On 13 March 2023, the U.S. Mission to Mexico issued a Security Alert regarding travelers who plan to travel to Mexico for their spring break vacation, which reads in part as follows: “Travel Smart – Be Informed: Each year, thousands of U.S. citizens visit Mexico during spring break. While the vast majority travel safely, visitors should consider the following factors when planning their vacation or traveling throughout Mexico:

  • Crime: Crime, including violent crime, can occur anywhere in Mexico, including in popular tourist destinations. Travelers should maintain a high level of situational awareness, avoid areas where illicit activities occur, and promptly depart from potentially dangerous situations. See the Mexico Travel Advisory for specific information for each Mexican state. U.S. citizens should exercise increased caution in the downtown areas of popular spring break locations including Cancun, Playa Del Carmen, and Tulum, especially after dark.
  • Drugs: Drug possession and use, including medical marijuana, is illegal in Mexico and may result in a lengthy jail sentence. U.S. citizens have become seriously ill or died in Mexico after using synthetic drugs or adulterated prescription pills.
  • Unregulated Alcohol: Unregulated alcohol may be contaminated, and U.S. citizens have reported losing consciousness or becoming injured after consuming alcohol that was possibly tainted.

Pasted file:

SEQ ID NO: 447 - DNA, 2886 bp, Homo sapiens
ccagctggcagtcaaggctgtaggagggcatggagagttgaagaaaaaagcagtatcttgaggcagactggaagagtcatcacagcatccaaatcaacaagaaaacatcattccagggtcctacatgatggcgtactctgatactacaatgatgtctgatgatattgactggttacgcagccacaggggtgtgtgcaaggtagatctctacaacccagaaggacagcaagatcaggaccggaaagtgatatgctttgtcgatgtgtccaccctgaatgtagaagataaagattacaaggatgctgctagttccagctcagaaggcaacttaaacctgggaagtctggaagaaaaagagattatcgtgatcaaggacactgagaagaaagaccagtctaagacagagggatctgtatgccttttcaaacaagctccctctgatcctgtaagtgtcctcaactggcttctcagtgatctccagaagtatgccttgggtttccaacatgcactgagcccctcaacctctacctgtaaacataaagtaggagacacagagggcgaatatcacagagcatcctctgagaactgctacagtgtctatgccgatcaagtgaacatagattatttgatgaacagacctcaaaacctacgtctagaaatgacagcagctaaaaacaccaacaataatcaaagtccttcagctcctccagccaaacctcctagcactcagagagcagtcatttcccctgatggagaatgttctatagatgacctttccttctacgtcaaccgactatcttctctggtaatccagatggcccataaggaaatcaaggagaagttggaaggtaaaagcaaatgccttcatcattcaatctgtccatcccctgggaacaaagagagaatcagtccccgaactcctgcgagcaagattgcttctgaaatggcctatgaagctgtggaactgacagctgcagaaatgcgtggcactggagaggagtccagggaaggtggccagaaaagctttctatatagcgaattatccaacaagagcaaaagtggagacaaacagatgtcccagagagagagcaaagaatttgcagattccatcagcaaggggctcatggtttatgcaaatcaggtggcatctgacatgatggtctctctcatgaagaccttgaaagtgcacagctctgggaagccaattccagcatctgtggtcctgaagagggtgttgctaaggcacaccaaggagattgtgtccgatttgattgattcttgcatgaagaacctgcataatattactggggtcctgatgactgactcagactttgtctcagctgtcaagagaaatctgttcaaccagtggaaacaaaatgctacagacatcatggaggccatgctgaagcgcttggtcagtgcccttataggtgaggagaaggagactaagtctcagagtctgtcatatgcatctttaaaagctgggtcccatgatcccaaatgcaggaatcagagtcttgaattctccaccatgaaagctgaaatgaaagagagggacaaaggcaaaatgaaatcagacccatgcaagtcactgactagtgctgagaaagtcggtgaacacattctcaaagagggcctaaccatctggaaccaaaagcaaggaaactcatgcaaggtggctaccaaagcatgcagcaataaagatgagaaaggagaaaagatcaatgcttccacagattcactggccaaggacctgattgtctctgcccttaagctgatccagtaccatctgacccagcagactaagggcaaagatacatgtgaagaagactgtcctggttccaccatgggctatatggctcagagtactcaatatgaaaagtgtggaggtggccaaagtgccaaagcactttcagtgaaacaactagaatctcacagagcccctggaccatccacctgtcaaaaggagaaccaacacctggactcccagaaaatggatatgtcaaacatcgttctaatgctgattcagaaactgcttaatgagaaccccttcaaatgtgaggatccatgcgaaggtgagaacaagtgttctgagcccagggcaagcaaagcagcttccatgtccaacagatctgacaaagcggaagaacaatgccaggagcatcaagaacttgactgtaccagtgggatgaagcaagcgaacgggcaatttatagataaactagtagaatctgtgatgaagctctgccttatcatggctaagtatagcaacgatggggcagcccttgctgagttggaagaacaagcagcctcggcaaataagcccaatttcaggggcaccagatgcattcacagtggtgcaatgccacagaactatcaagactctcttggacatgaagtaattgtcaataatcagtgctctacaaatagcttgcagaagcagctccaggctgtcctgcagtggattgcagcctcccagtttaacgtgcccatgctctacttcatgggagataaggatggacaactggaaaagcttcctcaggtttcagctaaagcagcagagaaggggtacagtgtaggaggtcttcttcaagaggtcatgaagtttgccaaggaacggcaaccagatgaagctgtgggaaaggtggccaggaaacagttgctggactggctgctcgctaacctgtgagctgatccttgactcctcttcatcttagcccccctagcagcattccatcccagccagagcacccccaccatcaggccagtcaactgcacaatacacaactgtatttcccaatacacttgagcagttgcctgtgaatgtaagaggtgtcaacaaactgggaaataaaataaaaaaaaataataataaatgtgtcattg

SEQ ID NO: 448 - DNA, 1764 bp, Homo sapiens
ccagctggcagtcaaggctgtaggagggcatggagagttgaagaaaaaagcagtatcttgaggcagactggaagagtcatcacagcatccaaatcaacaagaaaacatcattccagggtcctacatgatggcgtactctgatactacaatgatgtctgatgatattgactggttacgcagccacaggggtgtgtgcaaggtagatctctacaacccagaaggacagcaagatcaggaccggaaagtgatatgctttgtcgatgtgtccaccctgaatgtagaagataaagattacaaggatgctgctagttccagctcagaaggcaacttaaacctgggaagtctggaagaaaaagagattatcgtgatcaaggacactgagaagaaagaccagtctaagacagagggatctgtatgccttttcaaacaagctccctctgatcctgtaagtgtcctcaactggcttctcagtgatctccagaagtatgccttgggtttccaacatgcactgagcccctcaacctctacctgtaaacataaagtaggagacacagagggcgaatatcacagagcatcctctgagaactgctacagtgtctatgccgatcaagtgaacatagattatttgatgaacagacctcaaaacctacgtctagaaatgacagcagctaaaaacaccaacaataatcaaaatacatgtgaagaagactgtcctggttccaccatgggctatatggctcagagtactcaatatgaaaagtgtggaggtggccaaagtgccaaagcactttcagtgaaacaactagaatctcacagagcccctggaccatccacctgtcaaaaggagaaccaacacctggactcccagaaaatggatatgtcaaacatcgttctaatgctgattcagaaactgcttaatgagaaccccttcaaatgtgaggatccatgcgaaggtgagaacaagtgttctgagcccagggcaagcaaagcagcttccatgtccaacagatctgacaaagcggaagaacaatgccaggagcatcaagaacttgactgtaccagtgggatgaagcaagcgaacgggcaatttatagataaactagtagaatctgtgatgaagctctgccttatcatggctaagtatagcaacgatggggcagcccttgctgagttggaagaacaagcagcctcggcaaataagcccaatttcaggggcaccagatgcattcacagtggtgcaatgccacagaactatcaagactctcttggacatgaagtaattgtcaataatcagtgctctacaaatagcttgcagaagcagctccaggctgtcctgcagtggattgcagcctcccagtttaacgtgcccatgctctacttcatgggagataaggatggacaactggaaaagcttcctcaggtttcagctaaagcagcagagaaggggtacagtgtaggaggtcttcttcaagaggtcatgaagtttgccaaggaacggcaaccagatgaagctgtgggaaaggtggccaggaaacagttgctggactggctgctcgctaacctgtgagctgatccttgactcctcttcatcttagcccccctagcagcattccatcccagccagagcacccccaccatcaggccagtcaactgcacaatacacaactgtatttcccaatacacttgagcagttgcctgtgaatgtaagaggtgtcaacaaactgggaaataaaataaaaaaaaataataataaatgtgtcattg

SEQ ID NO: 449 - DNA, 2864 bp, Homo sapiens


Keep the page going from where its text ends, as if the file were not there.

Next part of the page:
• Pharmaceuticals: Counterfeit medication is common and may prove to be ineffective, the wrong strength, or contain dangerous ingredients. Medication should be purchased in consultation with a medical professional and from reputable establishments.
  • Sexual Assault: U.S. citizens have been victims of rape and sexual assault. Perpetrators may target inebriated or isolated individuals or may employ drugs that alter the victim’s physical or mental state.
  • Drowning: Some beaches have strong undercurrents and rip tides. Beaches may lack lifeguards, warnings, or signs of unsafe conditions. Medical Emergencies: An illness or accident could result in the need to seek medical treatment or hospitalization in Mexico. Private hospital prices can be higher than those in the United States. Many facilities require payment (sometimes only in cash) either before providing treatment or before discharging a patient.
  • Guns and Ammunition: All guns and even small amounts of ammunition are illegal in Mexico. Firearms and other weapons violations may result in lengthy jail time.
  • Arrests: Drunk and disorderly behavior, public urination, and open alcohol containers in vehicles are illegal in Mexico. If you break Mexican law, you can be arrested.
  • Immigration: Violating the terms of your stay in Mexico can result in steep fines and detention.”